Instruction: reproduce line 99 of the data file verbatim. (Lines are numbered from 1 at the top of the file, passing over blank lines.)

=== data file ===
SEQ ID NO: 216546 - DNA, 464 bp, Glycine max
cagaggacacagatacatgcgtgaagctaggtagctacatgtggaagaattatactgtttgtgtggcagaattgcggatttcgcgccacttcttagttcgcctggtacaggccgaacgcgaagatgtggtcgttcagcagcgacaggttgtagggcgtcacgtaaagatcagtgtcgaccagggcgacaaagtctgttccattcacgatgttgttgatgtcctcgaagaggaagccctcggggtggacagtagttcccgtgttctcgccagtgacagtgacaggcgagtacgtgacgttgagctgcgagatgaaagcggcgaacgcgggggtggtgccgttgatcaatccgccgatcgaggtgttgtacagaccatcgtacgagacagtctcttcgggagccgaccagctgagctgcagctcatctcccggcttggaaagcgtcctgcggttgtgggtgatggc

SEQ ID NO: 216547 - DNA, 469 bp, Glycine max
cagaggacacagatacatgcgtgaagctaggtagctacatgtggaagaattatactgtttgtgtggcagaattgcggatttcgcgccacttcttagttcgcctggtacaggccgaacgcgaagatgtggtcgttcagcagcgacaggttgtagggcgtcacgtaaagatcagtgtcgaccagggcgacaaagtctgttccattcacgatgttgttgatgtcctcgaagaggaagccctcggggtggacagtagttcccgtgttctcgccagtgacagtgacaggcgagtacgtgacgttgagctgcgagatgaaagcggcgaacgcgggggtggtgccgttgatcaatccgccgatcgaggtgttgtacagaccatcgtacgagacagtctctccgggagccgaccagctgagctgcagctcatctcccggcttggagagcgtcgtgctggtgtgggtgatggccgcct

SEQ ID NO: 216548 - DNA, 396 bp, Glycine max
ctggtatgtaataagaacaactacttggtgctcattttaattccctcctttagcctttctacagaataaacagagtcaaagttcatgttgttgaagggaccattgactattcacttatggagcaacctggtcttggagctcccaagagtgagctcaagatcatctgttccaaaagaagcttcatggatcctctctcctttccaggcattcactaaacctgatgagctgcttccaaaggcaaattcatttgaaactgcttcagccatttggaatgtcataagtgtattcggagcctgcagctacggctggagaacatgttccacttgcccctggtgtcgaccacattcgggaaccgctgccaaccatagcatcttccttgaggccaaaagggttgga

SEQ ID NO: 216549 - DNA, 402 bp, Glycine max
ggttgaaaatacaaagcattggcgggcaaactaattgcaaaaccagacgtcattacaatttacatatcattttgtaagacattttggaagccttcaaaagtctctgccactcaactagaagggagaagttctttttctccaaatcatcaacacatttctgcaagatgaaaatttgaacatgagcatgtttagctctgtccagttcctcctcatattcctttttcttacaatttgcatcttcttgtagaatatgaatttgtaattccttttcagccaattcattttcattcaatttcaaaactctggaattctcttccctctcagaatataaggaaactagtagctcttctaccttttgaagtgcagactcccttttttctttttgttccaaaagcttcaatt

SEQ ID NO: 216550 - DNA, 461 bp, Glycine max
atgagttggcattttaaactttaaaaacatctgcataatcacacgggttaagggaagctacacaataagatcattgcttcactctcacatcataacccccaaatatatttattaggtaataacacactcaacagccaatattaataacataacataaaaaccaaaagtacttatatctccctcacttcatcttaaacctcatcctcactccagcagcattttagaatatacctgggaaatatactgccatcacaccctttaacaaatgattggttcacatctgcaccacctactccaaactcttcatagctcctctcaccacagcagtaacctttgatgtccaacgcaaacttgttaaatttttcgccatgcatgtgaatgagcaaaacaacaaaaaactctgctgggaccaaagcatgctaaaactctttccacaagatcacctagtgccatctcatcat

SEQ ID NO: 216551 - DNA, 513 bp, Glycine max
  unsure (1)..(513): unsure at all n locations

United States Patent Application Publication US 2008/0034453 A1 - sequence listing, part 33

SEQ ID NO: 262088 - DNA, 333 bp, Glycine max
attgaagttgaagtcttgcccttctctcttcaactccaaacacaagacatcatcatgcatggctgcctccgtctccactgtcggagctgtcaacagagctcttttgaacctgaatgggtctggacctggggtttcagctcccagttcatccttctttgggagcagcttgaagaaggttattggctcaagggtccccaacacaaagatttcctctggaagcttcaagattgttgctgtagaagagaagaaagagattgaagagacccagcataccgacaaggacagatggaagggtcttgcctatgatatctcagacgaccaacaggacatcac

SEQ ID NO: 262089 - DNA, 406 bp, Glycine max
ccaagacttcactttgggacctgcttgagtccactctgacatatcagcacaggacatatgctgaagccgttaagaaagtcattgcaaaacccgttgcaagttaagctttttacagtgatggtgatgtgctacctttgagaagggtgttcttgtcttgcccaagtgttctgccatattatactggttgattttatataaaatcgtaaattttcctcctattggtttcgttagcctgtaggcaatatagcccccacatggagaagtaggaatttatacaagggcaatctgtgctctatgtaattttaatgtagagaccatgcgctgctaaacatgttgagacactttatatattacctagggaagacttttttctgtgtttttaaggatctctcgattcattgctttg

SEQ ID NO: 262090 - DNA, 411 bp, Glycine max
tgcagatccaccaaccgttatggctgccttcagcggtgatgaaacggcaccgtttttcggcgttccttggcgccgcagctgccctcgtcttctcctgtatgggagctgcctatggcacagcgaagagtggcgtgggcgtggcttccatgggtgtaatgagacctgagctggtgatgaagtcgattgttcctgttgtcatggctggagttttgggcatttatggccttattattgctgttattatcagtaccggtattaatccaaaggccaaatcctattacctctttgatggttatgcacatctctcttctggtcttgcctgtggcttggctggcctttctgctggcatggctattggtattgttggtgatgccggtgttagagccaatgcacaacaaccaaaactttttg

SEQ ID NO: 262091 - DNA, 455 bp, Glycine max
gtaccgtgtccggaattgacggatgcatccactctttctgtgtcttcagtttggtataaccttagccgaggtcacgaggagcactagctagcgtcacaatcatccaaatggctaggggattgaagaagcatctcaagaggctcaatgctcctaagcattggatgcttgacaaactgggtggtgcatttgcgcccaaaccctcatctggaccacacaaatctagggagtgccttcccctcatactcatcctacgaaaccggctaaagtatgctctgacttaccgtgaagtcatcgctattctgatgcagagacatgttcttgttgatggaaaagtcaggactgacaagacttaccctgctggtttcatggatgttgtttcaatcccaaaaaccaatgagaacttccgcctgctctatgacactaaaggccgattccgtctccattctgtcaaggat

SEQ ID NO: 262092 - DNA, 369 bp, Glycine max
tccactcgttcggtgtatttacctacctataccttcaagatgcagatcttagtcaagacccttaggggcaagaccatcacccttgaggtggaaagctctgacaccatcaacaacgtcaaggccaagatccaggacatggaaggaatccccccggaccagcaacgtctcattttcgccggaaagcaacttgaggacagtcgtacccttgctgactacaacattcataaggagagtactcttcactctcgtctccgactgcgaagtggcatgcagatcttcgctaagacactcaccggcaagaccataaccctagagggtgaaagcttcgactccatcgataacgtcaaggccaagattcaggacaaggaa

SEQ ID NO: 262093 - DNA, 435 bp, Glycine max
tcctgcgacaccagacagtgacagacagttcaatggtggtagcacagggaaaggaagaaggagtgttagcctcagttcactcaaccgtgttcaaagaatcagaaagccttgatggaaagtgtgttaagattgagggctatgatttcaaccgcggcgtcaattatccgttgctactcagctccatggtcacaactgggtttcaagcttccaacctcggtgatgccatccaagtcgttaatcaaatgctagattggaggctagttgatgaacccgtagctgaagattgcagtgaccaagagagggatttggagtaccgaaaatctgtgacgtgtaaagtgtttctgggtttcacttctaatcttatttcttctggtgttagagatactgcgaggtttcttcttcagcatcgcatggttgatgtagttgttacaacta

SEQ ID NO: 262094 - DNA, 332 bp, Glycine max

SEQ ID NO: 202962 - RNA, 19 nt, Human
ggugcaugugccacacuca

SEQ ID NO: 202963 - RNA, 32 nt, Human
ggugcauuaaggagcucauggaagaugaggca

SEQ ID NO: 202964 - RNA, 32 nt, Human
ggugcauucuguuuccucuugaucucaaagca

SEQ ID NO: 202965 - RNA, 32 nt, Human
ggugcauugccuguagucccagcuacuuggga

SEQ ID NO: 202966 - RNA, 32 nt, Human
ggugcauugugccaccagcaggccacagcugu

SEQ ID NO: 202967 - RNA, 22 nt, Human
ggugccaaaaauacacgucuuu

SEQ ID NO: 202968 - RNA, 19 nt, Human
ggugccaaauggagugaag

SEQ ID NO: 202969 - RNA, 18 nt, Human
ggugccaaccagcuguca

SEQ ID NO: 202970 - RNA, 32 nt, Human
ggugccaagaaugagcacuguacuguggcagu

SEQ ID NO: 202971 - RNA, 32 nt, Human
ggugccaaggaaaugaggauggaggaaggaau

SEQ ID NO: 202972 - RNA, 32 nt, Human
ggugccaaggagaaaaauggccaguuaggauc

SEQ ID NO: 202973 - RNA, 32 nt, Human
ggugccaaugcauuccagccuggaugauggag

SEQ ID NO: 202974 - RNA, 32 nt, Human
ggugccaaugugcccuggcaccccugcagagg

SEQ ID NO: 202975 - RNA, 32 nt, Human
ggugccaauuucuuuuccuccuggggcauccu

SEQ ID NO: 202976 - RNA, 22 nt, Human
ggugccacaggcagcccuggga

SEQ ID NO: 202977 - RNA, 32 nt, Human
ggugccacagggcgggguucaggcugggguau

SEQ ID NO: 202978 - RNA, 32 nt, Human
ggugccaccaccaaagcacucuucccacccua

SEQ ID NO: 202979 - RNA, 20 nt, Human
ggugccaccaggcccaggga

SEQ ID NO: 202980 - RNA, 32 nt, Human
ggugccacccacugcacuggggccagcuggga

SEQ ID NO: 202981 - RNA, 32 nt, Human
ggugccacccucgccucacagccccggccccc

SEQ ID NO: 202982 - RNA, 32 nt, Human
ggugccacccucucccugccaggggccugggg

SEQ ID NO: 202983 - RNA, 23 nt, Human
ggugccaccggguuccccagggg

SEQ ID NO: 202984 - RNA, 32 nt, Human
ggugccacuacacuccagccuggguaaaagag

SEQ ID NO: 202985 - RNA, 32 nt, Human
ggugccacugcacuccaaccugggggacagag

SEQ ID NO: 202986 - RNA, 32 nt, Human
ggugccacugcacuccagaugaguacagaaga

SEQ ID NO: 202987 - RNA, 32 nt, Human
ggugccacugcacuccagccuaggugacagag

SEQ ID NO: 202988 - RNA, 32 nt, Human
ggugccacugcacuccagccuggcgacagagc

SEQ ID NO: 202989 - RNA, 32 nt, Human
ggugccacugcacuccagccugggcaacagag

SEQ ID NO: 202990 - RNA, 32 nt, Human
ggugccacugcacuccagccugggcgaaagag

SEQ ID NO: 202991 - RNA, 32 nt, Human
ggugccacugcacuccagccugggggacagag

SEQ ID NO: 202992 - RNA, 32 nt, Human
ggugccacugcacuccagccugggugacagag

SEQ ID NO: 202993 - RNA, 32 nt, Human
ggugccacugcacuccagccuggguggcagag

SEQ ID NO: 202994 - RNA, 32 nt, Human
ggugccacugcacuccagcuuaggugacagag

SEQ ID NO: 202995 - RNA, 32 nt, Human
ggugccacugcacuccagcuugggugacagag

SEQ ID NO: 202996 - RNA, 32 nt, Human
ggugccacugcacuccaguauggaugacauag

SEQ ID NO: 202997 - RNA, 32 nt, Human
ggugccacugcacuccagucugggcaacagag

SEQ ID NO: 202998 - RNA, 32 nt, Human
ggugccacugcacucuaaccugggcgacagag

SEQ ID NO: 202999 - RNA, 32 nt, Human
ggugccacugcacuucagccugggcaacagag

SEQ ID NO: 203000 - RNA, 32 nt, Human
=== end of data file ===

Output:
SEQ ID NO: 202998 - RNA, 32 nt, Human